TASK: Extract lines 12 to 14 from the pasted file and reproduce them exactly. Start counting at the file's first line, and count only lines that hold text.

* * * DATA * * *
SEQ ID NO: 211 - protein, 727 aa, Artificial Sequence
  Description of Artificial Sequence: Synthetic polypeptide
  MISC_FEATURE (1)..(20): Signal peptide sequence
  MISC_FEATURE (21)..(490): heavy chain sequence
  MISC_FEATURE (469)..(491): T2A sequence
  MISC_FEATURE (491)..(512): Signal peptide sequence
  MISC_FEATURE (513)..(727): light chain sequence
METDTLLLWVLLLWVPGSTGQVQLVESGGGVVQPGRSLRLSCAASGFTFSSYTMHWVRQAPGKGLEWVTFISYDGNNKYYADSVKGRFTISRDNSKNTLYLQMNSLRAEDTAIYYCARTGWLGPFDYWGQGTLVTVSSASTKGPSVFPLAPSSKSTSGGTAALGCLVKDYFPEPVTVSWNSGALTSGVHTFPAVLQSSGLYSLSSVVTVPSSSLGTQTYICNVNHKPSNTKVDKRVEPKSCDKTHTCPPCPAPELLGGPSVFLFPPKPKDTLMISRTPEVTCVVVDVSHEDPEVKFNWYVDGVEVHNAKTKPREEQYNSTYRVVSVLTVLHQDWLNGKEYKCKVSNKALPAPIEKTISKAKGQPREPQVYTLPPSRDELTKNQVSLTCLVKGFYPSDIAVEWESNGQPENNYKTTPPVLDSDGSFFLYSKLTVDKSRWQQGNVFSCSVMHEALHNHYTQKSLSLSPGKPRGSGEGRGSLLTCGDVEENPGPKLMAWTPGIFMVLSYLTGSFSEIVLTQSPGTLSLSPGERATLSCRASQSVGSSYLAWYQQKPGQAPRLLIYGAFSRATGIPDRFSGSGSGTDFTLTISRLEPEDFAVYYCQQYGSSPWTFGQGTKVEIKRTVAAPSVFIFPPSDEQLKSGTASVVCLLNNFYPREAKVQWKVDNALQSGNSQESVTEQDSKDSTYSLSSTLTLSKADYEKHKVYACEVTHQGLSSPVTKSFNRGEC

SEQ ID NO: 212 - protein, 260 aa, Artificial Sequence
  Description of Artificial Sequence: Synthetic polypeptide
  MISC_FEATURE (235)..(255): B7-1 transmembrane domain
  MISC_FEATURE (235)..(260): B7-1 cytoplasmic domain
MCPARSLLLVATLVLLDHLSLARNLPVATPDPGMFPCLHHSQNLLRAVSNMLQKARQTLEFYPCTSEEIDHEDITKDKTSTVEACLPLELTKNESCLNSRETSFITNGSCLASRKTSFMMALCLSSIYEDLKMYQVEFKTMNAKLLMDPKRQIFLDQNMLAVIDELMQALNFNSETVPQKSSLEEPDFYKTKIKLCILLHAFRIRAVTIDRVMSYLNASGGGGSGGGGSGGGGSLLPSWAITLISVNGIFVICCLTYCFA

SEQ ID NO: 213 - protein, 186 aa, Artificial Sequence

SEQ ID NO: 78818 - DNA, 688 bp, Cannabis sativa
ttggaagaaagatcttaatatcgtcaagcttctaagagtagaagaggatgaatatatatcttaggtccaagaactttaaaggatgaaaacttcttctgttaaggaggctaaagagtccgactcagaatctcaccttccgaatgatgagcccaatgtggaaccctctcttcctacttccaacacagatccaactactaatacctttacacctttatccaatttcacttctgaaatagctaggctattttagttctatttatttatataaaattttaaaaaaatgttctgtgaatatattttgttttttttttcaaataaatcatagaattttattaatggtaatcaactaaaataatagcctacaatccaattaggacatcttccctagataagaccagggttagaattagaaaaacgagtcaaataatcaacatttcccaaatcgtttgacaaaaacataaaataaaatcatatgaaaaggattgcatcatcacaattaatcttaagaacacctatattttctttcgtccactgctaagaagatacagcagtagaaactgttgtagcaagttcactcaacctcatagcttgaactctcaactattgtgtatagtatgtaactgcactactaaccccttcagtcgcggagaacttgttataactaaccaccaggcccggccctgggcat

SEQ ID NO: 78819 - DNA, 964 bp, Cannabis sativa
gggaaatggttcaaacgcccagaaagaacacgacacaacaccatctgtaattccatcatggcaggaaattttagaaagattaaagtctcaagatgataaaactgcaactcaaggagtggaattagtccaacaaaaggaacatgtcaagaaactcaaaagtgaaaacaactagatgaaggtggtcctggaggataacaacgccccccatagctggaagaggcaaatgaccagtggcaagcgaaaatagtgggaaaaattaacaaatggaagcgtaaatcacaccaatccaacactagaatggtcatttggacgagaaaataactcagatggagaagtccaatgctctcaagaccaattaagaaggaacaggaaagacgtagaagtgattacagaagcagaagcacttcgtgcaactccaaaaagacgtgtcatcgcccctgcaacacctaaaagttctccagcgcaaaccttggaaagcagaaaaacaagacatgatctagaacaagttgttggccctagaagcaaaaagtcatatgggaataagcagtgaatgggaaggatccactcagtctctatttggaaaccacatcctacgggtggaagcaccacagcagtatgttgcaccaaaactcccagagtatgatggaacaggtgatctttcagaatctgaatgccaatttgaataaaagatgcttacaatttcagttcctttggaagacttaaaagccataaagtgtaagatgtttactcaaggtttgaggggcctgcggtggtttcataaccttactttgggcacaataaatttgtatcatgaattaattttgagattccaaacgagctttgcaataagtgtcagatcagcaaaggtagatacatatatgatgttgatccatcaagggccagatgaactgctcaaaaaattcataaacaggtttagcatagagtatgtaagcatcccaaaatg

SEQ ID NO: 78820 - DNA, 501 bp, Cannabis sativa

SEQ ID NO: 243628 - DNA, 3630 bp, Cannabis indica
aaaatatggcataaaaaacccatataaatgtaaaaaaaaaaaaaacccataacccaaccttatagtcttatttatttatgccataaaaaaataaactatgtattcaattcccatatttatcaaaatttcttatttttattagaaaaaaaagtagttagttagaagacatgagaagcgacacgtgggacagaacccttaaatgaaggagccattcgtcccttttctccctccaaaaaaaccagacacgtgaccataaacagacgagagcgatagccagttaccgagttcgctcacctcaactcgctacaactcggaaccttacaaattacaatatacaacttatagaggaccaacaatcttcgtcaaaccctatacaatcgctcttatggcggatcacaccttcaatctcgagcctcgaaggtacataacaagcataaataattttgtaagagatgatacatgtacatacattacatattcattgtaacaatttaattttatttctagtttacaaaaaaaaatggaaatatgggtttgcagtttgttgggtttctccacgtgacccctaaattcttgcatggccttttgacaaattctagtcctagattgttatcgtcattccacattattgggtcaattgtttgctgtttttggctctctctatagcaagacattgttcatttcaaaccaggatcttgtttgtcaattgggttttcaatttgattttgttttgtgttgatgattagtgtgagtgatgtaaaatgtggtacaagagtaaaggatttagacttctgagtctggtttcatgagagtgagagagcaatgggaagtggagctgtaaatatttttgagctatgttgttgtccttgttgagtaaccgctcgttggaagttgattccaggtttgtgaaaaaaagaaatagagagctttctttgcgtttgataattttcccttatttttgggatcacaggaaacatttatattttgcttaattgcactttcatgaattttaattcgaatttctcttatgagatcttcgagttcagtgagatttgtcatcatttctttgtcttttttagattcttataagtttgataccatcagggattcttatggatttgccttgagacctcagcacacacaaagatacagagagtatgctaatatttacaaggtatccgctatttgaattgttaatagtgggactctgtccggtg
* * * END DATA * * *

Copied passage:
  MISC_FEATURE (235)..(260): B7-1 cytoplasmic domain
MCPARSLLLVATLVLLDHLSLARNLPVATPDPGMFPCLHHSQNLLRAVSNMLQKARQTLEFYPCTSEEIDHEDITKDKTSTVEACLPLELTKNESCLNSRETSFITNGSCLASRKTSFMMALCLSSIYEDLKMYQVEFKTMNAKLLMDPKRQIFLDQNMLAVIDELMQALNFNSETVPQKSSLEEPDFYKTKIKLCILLHAFRIRAVTIDRVMSYLNASGGGGSGGGGSGGGGSLLPSWAITLISVNGIFVICCLTYCFA

SEQ ID NO: 213 - protein, 186 aa, Artificial Sequence